from The American Heritage® Dictionary of the English Language, 4th Edition
- n. One that crisps, especially a compartment in a refrigerator used for storing vegetables and keeping them fresh.
from Wiktionary, Creative Commons Attribution/Share-Alike License
- adj. comparative form of crisp: more crisp
- n. A cooled food storage container, used to cool items that do not require complete refrigeration.
- n. The section of a refrigerator used to store fruit and vegetables at a slightly higher temperature than the rest of the refrigerator.
- n. An instrument for making little curls in the nap of cloth.
from the GNU version of the Collaborative International Dictionary of English
- n. One who, or that which, crisps or curls; an instrument for making little curls in the nap of cloth, as in chinchilla.
from The Century Dictionary and Cyclopedia
- n. One who or that which crisps, corrugates, or curls. Specifically
- n. An instrument for crisping the nap of cloth; a crisping-iron or crisping-pin.
Sorry, no etymologies found.
Making the images look cleaner and crisper is nice and all, but there is just something about the classic look of an older movie.
My friend Sidney thought the orchestra could have been a little "crisper," but I thought Runnicles and his troupe were extraordinary.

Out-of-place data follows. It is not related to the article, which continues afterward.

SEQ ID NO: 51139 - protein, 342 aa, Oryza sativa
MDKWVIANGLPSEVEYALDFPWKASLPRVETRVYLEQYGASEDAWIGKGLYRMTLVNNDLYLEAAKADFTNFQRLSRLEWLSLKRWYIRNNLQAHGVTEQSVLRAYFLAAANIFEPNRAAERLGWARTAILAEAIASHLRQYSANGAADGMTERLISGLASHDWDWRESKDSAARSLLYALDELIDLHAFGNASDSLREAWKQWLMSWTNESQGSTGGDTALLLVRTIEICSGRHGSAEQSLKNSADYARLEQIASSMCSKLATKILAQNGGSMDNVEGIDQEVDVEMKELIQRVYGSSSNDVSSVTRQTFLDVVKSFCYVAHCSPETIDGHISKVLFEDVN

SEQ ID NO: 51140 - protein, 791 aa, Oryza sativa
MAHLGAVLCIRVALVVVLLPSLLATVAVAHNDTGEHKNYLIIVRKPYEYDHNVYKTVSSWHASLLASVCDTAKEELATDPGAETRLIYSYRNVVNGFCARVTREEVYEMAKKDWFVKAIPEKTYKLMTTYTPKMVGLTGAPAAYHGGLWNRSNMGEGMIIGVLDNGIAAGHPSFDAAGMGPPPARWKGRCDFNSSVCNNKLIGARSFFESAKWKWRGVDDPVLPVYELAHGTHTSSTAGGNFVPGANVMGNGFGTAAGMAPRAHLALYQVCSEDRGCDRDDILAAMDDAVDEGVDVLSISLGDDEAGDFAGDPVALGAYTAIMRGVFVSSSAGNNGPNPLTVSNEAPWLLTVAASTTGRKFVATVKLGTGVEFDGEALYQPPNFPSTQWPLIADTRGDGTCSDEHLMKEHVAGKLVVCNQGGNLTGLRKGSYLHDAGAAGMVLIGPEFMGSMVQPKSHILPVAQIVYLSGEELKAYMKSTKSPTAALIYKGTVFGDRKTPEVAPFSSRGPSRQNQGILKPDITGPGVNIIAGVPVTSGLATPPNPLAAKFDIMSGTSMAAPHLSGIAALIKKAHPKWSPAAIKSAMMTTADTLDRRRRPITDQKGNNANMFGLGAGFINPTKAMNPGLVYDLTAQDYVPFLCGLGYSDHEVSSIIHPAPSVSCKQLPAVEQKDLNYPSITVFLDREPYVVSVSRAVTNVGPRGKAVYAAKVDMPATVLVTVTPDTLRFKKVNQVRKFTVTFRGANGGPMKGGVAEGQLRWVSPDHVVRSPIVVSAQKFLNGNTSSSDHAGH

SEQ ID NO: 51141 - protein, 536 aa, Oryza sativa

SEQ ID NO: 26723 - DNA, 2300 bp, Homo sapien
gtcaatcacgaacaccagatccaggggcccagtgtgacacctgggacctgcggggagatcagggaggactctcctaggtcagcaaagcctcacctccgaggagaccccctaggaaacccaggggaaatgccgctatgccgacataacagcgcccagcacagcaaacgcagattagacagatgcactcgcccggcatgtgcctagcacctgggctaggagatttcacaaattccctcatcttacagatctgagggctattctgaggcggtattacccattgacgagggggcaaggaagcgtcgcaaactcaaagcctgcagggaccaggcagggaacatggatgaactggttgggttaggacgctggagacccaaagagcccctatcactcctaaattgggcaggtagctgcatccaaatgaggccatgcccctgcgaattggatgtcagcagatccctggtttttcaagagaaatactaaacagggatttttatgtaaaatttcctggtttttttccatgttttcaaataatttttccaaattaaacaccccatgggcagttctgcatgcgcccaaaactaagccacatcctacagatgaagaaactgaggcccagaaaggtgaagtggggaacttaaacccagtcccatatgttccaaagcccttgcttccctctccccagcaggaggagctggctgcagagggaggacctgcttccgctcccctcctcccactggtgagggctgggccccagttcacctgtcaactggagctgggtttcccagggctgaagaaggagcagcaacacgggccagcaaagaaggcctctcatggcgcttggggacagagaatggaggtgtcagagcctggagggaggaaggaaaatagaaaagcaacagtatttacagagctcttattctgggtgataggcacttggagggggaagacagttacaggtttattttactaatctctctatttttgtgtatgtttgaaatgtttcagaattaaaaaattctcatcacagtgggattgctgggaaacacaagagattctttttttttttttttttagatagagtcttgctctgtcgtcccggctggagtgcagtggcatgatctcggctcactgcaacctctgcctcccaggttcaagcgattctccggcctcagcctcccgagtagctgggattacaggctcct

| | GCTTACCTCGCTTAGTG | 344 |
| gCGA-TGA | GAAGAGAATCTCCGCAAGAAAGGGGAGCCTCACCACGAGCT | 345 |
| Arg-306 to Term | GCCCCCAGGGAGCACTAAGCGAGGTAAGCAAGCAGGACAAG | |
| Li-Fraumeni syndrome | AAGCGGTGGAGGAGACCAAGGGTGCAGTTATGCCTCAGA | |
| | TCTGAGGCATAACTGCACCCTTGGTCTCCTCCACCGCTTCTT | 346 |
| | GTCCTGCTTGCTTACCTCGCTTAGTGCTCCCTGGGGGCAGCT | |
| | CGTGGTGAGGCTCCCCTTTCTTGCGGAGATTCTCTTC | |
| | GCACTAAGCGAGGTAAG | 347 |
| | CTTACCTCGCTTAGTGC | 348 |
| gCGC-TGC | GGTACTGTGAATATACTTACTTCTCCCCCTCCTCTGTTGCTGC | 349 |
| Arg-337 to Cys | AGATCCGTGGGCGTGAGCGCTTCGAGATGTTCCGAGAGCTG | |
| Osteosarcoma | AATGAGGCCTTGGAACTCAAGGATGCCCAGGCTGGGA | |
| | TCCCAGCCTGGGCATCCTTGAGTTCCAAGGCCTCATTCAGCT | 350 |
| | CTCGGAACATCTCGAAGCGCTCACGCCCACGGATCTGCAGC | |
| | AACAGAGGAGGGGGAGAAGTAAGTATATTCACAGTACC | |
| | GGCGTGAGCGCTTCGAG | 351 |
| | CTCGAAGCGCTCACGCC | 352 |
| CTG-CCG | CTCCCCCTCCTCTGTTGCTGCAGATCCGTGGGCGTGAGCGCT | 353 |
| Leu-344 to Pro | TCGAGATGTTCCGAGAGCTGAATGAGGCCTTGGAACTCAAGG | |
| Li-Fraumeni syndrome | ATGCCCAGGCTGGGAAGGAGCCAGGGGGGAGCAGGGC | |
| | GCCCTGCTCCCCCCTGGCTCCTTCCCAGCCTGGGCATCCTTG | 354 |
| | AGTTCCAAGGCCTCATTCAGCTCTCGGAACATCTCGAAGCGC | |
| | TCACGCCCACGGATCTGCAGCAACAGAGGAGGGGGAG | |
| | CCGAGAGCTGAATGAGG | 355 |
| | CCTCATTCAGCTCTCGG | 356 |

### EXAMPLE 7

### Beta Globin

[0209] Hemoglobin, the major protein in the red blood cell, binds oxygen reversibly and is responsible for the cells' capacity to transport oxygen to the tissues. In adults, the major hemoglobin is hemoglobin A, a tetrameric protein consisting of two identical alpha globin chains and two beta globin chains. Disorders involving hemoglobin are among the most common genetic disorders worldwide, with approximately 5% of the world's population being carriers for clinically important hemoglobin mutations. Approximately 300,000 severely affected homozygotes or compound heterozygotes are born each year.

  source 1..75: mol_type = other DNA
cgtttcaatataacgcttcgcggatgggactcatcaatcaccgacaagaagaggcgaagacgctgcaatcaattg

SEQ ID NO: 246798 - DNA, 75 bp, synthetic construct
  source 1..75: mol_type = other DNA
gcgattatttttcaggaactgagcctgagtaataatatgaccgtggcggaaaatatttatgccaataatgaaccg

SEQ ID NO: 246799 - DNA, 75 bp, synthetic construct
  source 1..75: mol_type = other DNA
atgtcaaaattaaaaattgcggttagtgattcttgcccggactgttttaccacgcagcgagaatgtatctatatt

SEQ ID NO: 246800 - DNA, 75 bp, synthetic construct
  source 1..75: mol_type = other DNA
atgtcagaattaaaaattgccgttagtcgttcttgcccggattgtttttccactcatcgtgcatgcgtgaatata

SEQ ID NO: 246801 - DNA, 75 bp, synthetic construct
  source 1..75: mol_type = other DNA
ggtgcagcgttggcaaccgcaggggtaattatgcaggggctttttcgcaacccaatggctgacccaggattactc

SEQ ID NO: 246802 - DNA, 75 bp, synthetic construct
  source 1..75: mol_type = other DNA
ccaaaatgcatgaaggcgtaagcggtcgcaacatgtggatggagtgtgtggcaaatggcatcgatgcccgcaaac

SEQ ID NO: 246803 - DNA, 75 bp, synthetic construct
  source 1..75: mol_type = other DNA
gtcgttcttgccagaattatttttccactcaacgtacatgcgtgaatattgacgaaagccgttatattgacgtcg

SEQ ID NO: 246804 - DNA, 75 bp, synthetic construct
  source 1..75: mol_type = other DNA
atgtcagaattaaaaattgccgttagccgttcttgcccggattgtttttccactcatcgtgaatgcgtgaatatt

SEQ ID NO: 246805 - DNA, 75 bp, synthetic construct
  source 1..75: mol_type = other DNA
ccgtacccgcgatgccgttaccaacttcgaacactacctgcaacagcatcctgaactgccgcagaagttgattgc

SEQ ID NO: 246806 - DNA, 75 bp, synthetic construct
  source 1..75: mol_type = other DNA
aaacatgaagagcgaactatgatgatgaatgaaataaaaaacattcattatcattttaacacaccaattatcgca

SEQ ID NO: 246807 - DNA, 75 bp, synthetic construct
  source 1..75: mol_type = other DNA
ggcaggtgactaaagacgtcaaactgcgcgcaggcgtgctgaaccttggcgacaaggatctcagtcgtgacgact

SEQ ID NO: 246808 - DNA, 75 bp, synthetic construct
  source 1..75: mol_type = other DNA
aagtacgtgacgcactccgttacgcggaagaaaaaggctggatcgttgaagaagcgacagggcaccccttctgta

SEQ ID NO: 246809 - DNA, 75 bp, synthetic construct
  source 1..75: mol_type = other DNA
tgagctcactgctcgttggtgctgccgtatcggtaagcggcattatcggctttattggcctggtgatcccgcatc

Another bonus is that a quick Mexican-style meal can use up all the bits of veggies left in your crisper which is exactly what I wanted to do today, in order to make room for veggies from the Farmers Market tomorrow.
I've been holding off on trying them myself, since they are plastic, but one more incidence of rubbery carrots in my "crisper" drawer and I may be persuaded.
The closer it conforms to its ideal, the "crisper" it is said to be, and the more effective it will be.
The retailer is also going back to basics within its stores by returning merchandise that customers missed during an effort to give stores a crisper look.
The chips could have been a shade crisper, perhaps, but were buttery- soft within.
For whatever reason, the color and images were crisper.
Their answers to the study's questions are crisper and surer than those of their nonreligious counterparts.
So the amount of nutrients in that fresh spinach in your crisper, or those pears on your counter, depends on how long ago they were picked, how many days they spent in transit to your supermarket, and how long they sat before you ate them.
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